The Utility Solution

Income Investing

The Utility Solution

Electric utility stocks are in the sweet spot for yield and safety.

Most Thursday nights, I compete in duplicate bridge against some of the best players in the Washington, D.C., area. What does this have to do with investing, you may wonder. The answer is that playing competitive bridge puts me in good company. Warren Buffett, Peter Lynch, Bill Gates, the people who used to run Bear Stearns, and a slew of financial advisers to the rich and famous play competitive bridge. When it comes to finance, I'm not in the same league as Lynch and Buffett, but D.C. bridge players know what I do, and they respect Kiplinger's. So I've had hundreds of conversations with them about stocks and bonds between talk of slams and squeezes.

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A few days ago a fine player and soon-to-be-retired government scientist named Charles approached. “You’re a financial guy, right? Well, let me ask you something.” Charles said a certificate of deposit at a credit union was about to expire, and the rate to roll it over for three years was 0.75%. “That’s insane,” he said, drawing out the word insane for effect. Charles offered a few other words to describe the interest-rate situation to make sure I got his drift. Then he asked me for alternatives.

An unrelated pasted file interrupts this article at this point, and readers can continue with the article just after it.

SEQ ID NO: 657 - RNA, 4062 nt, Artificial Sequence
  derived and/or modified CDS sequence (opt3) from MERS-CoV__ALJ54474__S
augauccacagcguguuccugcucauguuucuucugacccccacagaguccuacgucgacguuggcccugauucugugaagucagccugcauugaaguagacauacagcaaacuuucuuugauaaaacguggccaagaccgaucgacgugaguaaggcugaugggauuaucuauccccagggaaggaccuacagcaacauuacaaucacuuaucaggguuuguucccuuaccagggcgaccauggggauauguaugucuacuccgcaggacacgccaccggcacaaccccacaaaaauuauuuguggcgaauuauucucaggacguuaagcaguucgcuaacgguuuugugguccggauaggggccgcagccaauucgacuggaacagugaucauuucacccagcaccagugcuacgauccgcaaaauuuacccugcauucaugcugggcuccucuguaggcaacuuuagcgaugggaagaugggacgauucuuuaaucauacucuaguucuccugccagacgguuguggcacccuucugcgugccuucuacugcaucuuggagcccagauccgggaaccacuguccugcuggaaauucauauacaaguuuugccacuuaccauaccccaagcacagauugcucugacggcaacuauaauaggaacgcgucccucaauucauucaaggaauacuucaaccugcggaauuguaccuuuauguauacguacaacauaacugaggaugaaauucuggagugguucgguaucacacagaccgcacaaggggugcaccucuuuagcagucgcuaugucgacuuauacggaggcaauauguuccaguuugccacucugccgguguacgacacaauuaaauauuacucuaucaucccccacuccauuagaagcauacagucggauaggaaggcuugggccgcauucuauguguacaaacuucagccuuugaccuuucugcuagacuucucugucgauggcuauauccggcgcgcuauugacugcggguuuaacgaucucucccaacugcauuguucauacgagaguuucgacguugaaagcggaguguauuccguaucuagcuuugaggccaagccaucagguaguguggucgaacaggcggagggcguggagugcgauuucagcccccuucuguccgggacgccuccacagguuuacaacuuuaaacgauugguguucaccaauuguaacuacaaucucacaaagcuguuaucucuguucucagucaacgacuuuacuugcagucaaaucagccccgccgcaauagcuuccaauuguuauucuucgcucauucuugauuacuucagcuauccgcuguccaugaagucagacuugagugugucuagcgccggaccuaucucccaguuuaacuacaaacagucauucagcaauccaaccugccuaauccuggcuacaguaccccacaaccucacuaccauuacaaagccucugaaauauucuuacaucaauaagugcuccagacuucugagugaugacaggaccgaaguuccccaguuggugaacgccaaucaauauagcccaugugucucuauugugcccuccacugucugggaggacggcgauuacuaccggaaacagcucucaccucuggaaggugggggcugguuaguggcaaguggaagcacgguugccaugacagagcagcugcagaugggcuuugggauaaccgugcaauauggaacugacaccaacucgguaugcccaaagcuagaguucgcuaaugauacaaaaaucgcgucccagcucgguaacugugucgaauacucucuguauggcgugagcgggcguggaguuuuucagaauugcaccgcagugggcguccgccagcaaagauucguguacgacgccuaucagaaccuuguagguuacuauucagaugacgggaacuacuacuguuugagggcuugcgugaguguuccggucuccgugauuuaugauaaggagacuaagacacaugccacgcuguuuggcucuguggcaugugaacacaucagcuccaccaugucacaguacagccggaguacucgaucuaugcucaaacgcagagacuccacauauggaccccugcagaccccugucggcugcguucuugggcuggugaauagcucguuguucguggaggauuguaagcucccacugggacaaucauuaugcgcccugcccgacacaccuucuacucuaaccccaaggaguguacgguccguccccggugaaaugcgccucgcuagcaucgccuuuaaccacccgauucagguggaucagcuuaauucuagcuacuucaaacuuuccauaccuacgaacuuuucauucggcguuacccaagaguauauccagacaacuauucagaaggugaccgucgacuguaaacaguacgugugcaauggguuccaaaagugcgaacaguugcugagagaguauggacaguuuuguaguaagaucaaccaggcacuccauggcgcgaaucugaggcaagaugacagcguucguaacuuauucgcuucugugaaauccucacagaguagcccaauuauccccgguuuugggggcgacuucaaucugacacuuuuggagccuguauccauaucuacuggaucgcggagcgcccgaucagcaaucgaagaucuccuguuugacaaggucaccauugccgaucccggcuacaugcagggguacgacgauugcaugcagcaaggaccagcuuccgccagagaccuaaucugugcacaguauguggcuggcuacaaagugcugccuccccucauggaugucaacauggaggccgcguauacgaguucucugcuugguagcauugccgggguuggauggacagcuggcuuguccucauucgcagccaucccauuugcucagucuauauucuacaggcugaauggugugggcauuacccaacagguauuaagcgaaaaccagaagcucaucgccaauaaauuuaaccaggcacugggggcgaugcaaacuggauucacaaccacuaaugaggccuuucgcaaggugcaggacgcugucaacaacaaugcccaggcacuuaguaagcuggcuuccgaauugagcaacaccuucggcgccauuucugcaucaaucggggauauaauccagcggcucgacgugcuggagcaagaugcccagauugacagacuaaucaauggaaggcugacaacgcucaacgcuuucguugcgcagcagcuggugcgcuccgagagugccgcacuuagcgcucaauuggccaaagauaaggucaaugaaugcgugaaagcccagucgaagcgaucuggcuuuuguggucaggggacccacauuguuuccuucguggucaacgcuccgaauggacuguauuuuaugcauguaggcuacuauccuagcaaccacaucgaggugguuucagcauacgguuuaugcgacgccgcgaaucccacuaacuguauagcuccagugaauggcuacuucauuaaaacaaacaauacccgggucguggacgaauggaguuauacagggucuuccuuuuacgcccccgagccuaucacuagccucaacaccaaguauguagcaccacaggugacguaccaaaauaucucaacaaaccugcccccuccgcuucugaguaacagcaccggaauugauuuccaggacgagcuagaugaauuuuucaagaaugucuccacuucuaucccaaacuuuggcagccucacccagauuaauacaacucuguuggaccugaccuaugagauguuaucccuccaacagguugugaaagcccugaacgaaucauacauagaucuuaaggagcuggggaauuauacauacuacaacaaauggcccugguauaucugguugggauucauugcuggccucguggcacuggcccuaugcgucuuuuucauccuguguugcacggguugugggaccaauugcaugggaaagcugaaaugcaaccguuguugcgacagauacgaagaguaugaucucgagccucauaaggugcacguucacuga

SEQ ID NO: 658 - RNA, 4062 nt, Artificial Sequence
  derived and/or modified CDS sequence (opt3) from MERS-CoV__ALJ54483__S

As I commiserated with Charles, he mentioned that he also had money in utility stocks, specifically in a fund he referred to as Duff & Phelps Utilities Income (the fund’s actual name is DNP Select Income Fund, symbol DNP). It’s a leveraged closed-end fund with a fixed, or “managed,” monthly distribution of 6.5 cents a share, or 78 cents a year. At its current price of $10.62, that works out to a rate of 7.3%. “Just my luck, though, that they’re probably about to cut the dividends on that one, too,” Charles sighed.


Charles didn’t have any evidence to buttress his claim. But, although anything is possible, the cold truth is that DNP has paid the same dividend each month since 2007. Granted, some of the “dividends” the past two years have represented a return of capital (that’s when a fund doesn’t earn enough from its investments to cover its distribution; rather than cut the payout, it makes up the shortfall out of retained assets).

What Charles and readers of Kiplinger’s do know, though, is that utilities are having a terrific year. So far this year, DNP, which has about two-thirds of its assets in utility stocks and one-third in utility bonds, has delivered a total return of 26.6% (results are through October 24 and are for the fund’s shares rather than the underlying assets). The best non-leveraged utility-stock funds, such as Franklin Utilities A (FKUTX), have also produced double-digit returns this year.